besmirch

verb

be·​smirch bi-ˈsmərch How to pronounce besmirch (audio)
bē-
besmirched; besmirching; besmirches

transitive verb

: to cause harm or damage to the purity, luster, or beauty of (something) : sully, soil
besmirching her reputation
High ideals were besmirched by cruelty and greed …R. A. Newhall
Although the accusations against Normand were unsupported, her name was besmirched.John Lahr
Darwin was exasperated by Wallace's gullibility and feared that his activities would somehow besmirch the theory of evolution.Anthony Gottlieb
The problem is that the vast majority of people of all nations … cherish their national myths too much to want mere facts, or even assertions of historical doubt, to besmirch them.Max Hastings

Did you know?

Since the prefix be- in besmirch means "to make or cause to be," when you besmirch something, you cause it to have a smirch. What's a smirch? A smirch is a stain, and to smirch something is to stain it or make it dirty. By extension, the verb smirch came to mean "to bring discredit or disgrace on." Smirch and besmirch, then, mean essentially the same thing.

Example Sentences

inconsiderately besmirched the carpet with their dirty feet
Recent Examples on the Web Many of those who had been at the camp asserted that those who entered government buildings weren't Bolsonaro supporters at all—but rather infiltrators trying to besmirch the reputation of the former president. Juan Forero, WSJ, 9 Jan. 2023 The enemies of a strong Israel besmirch me, calling me and my party racist. Benjamin Weinthal, Fox News, 9 Oct. 2022 Yet anyone concerned that the result might besmirch their memory of Heat can rest easy. Clark Collis, EW.com, 9 Aug. 2022 Do Democrats want to unfairly besmirch the entire GOP with the Jan. 6 disgrace, while distracting voters from 8.6% inflation and $5-a-gallon gasoline? The Editorial Board, WSJ, 10 June 2022 Imagine allowing a breed of humanity as vulgar as actors (wink-wink) to besmirch their palace beautiful. Justin Changfilm Critic, Los Angeles Times, 19 May 2022 And a failure to fulfill the now apparently near-impossible tasks of evacuating all the Afghan translators, workers and fixers on whom the US relied and who now face Taliban retribution would besmirch America’s conscience and global reputation. Stephen Collinson, CNN, 16 Aug. 2021 In 14 minutes of chitchat with Nelson, the most (in)famous high school football coach in America managed to besmirch almost everything beloved in the South and, in doing so, ended up on administrative leave. New York Times, 12 Apr. 2021 The head of the Suez Canal Authority at the time dismissed his remarks as an attempt to besmirch Egypt’s reputation. Rory Jones, WSJ, 31 Mar. 2021 See More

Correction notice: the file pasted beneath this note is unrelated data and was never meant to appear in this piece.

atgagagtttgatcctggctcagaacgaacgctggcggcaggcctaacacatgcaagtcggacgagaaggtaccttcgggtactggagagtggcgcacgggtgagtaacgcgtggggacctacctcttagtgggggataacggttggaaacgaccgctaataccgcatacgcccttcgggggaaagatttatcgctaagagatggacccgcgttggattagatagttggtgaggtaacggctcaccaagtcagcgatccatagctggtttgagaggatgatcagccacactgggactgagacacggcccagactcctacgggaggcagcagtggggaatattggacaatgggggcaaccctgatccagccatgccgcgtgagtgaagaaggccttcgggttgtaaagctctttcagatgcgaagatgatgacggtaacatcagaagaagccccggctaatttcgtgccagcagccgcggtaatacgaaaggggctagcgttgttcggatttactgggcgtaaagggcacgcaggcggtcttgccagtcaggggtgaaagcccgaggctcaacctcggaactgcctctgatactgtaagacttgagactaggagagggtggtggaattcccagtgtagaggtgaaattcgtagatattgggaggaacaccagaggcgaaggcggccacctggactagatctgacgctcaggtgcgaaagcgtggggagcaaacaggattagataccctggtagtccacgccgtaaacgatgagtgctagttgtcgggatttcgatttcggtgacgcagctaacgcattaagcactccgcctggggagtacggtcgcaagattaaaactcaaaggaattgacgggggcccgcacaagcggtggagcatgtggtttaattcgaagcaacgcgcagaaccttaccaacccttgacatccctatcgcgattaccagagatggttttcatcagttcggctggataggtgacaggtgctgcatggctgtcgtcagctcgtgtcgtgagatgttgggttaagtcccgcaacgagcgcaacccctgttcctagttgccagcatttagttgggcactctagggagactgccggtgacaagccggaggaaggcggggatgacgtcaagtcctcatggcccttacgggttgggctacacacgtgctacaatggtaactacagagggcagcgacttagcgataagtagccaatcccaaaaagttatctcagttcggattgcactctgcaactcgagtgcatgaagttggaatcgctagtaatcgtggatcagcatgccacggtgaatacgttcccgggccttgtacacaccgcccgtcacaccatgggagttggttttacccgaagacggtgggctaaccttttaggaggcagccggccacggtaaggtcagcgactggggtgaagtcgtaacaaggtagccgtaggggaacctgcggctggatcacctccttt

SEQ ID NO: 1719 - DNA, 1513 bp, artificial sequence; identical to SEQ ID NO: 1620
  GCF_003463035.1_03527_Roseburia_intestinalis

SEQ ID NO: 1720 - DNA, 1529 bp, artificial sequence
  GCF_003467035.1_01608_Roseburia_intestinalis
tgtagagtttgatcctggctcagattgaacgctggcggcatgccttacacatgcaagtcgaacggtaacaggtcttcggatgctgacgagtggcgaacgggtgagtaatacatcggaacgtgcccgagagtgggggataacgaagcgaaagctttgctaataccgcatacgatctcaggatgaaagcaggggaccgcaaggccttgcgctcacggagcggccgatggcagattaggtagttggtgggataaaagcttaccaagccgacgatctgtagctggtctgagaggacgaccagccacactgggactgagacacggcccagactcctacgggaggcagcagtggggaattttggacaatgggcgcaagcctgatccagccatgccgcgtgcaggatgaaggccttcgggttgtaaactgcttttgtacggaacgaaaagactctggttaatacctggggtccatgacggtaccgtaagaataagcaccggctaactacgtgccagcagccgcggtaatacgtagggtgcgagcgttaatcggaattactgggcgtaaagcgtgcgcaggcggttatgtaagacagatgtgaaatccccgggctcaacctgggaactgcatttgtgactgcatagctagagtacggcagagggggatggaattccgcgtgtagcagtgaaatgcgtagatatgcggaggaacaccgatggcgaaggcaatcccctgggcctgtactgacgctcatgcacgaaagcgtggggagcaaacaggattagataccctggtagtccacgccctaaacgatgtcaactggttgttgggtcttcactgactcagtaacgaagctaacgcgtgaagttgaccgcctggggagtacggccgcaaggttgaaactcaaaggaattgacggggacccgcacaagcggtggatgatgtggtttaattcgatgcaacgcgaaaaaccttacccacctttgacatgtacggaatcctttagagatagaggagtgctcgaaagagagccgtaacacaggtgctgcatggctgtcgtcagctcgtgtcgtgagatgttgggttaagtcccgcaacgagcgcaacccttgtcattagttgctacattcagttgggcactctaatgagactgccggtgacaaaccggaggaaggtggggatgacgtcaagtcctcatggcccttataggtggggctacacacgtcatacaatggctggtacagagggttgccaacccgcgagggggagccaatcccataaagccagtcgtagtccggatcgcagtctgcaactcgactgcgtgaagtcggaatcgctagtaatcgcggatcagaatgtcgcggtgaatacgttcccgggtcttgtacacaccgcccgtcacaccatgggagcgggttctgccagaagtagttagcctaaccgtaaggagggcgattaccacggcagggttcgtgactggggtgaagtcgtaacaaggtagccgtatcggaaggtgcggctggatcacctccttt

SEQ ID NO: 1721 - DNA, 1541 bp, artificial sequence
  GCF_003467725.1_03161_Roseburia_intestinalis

These example sentences are selected automatically from various online news sources to reflect current usage of the word 'besmirch.' Views expressed in the examples do not represent the opinion of Merriam-Webster or its editors. Send us feedback.

Word History

First Known Use

1604, in the meaning defined above

Time Traveler
The first known use of besmirch was in 1604

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Dictionary Entries Near besmirch

Cite this Entry

“Besmirch.” Merriam-Webster.com Dictionary, Merriam-Webster, https://www.merriam-webster.com/dictionary/besmirch. Accessed 5 Feb. 2023.

Kids Definition

besmirch

verb
be·​smirch bi-ˈsmərch How to pronounce besmirch (audio)
: to make soiled or less pure

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